Lancaster city council President Ismail Smith-Wade-El on Tuesday officially announced his candidacy for the Pennsylvania House seat that includes the city and is currently held by fellow Democrat Mike Sturla.
In making his bid official, Smith-Wade-El revealed endorsements from 14 local Democratic officials, including four of his fellow council members, six members of the Lancaster school board, and the top aide to Mayor Danene Sorace.
Speaking just before sunset to a crowd of approximately 50 people at Reservoir Park in eastern Lancaster city, Smith-Wade-El said he’s challenging Sturla because he would better represent the city’s residents.
“Lancaster deserves someone who works as hard as its families do,” Smith-Wade-El said. “You deserve a representative who is as creative, as passionate and dedicated as you are. You deserve a representative that shows up in your community to ask what it is you need.”
Smith-Wade-El’s interest in the 96th House District seat has long been rumored among city Democrats, and Smith-Wade-El previously told LNP|LancasterOnline he wanted to run for it for at least two years. It wasn’t until the national racial reckoning that took place in the summer of 2020 -- and Sturla’s failure to play a significant role in supporting the city’s residents in those protests -- that Smith-Wade-El said he decided he would run in 2022.
Sturla, who has represented the city in the Legislature since 1991, faces his first primary challenge since he was elected 31 years ago. The winner of the 2022 primary is the assumed winner of the general election given the city’s overwhelming Democratic voter registration advantage.
Hello from Reservoir Park in Lancaster city, where @BlackSmithIzzy is launching his primary campaign to represent the 96th District and unseat @RepMikeSturla. SDOL School Board member Kareena Rios is kicking the announcement off. She’s one of 14 local elected Dems endorsing him pic.twitter.com/uWfVRIcEYe— Gillian McGoldrick (@gill_mcgoldrick) November 9, 2021
In response to Smith-Wade-El’s announcement, Sturla touted his achievements in the Legislature as a reason why voters should stick with him, such as his work on the Fair Funding Formula that is now used to allocate new education dollars to school districts around the state. The formula, passed in 2016, assesses a district’s poverty level, among other qualifications, in order to more equitably split state appropriations.
“Someone has described [politicians] that some are workhorses or show horses,” Sturla said. “I’ve always been the workhorse.”
The primary challenge to Sturla comes less than a year after the veteran lawmaker lost his leadership position in the House Democratic Caucus following the party’s unexpected losses in the 2020 general election. Sturla’s colleagues removed him from the chairmanship of the Democratic Policy Committee; he now serves as the minority chair of the House urban affairs committee.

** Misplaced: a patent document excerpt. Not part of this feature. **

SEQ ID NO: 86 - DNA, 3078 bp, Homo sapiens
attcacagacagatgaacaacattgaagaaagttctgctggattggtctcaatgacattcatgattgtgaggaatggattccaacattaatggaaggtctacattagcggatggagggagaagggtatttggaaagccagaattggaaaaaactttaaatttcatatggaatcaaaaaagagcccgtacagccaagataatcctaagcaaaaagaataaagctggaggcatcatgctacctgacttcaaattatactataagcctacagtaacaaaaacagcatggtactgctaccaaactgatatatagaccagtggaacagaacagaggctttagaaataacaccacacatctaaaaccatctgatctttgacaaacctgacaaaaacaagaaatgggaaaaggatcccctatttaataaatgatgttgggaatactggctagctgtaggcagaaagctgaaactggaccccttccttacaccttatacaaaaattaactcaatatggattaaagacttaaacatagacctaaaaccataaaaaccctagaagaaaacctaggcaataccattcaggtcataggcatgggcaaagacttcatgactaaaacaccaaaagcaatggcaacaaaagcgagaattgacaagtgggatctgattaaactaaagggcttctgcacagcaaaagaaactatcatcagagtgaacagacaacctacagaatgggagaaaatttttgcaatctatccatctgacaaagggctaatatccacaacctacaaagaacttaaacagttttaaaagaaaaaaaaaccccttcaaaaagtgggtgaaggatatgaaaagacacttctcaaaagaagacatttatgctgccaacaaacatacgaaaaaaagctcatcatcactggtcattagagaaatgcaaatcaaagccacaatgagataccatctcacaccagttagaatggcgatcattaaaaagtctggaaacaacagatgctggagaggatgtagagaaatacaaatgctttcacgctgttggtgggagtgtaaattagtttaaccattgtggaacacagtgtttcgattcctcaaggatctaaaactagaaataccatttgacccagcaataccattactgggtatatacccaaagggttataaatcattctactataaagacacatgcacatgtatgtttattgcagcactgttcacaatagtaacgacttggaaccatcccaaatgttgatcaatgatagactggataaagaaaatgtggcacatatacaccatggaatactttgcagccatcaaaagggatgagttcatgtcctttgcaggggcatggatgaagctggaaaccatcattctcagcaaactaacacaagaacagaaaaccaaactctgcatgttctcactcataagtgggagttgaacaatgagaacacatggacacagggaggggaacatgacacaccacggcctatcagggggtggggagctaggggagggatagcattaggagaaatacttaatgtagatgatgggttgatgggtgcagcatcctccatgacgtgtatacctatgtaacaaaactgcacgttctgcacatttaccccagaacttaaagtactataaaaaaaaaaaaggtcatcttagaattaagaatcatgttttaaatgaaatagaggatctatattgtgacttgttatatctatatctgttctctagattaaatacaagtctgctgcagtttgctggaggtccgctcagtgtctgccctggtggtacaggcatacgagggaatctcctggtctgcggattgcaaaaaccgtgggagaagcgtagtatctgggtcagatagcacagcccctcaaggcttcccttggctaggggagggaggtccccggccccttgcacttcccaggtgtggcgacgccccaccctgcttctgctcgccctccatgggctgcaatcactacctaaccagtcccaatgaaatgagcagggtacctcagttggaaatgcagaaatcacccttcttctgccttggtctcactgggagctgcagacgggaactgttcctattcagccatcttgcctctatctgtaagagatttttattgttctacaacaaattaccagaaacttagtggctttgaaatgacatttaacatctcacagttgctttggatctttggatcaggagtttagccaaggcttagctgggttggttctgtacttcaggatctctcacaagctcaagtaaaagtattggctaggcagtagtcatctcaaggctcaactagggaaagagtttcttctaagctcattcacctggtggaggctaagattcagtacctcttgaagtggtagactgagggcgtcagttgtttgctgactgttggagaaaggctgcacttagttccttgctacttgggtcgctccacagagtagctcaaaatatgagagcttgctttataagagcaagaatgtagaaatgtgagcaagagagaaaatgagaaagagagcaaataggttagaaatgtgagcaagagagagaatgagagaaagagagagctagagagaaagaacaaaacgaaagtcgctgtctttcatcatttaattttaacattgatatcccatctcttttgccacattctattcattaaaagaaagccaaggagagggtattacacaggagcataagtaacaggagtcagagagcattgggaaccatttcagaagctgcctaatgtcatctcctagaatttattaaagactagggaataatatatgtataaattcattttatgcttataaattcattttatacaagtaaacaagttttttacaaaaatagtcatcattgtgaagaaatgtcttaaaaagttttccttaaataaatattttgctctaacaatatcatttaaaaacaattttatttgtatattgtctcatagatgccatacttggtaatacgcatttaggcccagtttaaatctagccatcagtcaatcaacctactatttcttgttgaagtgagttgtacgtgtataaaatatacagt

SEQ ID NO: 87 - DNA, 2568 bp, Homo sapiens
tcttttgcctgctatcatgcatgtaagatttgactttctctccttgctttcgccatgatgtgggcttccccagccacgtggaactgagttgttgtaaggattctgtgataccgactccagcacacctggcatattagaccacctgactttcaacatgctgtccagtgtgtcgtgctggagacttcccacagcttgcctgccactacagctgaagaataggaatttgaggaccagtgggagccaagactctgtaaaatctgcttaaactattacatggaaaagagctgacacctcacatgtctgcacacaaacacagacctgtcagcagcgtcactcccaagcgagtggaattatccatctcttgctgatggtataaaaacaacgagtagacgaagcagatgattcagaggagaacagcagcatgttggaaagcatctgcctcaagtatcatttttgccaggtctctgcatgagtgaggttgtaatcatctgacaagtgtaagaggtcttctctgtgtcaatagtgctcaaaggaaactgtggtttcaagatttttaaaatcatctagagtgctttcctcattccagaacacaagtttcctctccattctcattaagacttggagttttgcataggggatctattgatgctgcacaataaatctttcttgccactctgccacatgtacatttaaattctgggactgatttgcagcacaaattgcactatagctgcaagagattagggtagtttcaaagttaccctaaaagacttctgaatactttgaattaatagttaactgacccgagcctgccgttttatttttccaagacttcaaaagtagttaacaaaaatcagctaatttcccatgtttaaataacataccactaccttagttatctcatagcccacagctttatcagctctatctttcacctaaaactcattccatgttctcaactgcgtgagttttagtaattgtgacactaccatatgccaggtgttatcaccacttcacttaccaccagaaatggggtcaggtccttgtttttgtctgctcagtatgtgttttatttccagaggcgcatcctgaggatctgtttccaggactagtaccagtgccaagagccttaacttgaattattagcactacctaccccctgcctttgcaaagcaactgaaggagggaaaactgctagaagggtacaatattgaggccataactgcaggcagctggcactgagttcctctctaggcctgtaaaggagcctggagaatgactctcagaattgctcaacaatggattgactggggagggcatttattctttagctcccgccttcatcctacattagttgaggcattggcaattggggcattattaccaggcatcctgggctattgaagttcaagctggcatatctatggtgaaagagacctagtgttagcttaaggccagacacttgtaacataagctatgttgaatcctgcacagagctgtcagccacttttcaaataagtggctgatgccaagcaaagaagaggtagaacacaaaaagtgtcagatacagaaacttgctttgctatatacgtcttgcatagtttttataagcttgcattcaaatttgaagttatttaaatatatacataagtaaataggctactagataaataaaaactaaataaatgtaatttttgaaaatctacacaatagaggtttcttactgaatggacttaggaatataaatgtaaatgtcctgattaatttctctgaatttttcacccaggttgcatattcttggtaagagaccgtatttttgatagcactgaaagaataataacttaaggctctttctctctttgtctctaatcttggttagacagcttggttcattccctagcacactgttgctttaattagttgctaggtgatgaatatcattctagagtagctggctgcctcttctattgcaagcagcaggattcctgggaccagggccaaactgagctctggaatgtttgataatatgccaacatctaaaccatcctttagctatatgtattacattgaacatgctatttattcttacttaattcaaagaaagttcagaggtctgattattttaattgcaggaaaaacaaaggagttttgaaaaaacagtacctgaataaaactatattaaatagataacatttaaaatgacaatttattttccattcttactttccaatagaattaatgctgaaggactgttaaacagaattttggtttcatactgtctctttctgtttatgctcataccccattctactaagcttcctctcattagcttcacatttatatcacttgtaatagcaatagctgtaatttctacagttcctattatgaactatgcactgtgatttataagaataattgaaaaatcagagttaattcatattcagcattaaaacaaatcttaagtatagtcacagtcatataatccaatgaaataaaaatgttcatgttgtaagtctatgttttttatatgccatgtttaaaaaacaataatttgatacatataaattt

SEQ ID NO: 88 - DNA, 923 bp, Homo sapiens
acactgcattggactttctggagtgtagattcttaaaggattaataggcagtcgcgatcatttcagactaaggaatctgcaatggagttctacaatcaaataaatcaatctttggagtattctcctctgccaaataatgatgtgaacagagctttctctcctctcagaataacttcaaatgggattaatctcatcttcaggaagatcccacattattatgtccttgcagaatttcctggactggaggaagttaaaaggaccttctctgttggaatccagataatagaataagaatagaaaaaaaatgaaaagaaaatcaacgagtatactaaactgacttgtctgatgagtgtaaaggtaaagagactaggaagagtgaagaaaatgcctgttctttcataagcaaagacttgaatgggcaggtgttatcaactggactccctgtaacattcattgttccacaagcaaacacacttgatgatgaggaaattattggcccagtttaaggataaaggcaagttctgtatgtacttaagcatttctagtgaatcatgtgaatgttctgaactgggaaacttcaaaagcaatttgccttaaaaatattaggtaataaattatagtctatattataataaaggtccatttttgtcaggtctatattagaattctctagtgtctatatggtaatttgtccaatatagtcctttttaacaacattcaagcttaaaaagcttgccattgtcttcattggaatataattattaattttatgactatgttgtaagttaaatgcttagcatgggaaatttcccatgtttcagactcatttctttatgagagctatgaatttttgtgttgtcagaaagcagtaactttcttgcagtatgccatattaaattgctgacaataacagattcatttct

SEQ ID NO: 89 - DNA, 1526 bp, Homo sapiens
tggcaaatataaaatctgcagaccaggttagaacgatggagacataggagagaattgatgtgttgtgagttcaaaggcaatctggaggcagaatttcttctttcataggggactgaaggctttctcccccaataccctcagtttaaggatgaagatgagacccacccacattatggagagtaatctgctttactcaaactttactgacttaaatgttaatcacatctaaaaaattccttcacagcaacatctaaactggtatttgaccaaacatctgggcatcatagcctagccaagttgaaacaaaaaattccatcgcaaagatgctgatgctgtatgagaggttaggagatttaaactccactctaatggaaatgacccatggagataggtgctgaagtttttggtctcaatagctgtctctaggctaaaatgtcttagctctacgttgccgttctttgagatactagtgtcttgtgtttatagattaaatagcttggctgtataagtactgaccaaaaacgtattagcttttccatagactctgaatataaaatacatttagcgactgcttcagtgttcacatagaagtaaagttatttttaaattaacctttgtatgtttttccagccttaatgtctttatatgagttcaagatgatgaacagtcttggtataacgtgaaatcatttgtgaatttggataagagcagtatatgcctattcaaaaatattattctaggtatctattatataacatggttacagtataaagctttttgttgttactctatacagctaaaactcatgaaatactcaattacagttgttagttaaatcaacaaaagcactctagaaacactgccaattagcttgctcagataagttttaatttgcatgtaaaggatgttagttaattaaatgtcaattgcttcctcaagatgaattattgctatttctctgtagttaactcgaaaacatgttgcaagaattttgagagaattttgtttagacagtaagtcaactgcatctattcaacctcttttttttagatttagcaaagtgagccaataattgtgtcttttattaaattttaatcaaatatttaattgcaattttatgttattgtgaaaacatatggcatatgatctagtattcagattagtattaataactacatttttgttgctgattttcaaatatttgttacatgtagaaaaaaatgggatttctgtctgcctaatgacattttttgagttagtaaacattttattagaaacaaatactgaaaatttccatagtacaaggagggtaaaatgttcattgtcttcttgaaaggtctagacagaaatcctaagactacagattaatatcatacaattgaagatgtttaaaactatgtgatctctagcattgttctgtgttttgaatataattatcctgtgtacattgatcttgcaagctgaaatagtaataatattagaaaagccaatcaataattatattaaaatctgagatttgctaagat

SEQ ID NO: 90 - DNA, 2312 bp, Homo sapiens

One of the most notable endorsements announced by Smith-Wade-El is that of Jess King, the chief of staff to Mayor Sorace and the party’s 2018 nominee against Rep. Lloyd Smucker.
King garnered national attention in the race as Democrats tried to flip a congressional seat that’s traditionally been in the GOP column. King lost that race by 17 points, but the attention and energy she drew to Democrats that year gives her an ongoing outsize voice in local Democratic politics.
“More than 30 years is a really long career,” King said of Sturla after Smith-Wade-El’s announcement. “Our state Legislature needs to look more like our city -- more like our commonwealth straight up -- in terms of race, age, gender and representation. That really matters in a community that is a majority of color and is young. I think Izzy sees that, reflects that and is in touch with that in a way that feels very important for the basic representation.”
Smith-Wade-El said he will focus his campaign on removing barriers, like those that prevent Third Class cities like Lancaster from raising their own revenue, or ones that block tenants from housing opportunities due to prior evictions.
“We are going to fight for affordable housing, we are going to fight to raise the minimum wage, we are going to fight for tenant protections,” Smith-Wade-El said during his campaign announcement. “Some of those fights they told you we can’t win. We are going to win some of those fights. And the truth is, we are going to lose some of those fights. But every single time, they’re going to know that we were there.”
Sturla, in an interview with LNP|LancasterOnline before Smith-Wade-El’s announcement, said his challenger has an unrealistic view of how things get done in the Legislature. Policymaking requires working across the aisle and finding common ground to deliver for his constituents, he added.
“What you’ll hear from my opponent [at the announcement] will be long on rhetoric and short on substance,” Sturla said. “I believe [Smith-Wade-El] was a drama major in college, so I understand where the rhetoric is his forte. I was an architecture major in college, my forte is in building things and making them work and function.”
High price primary
Smith-Wade-El has raised more than $38,000 for his Forge Ahead Lancaster political action committee, his campaign said Tuesday. Most of that warchest – $28,000 – was raised before Oct. 18, three weeks before he announced his House campaign, according to county campaign finance filings.
Sturla last had to file a campaign finance report in December 2020. At that time, he had about $5,000 on hand. He said he expects to raise $50,000 by the end of the year.
In 2020, Sturla raised $64,000, but sent most of that money to committees working to elect Democrats to the Legislature.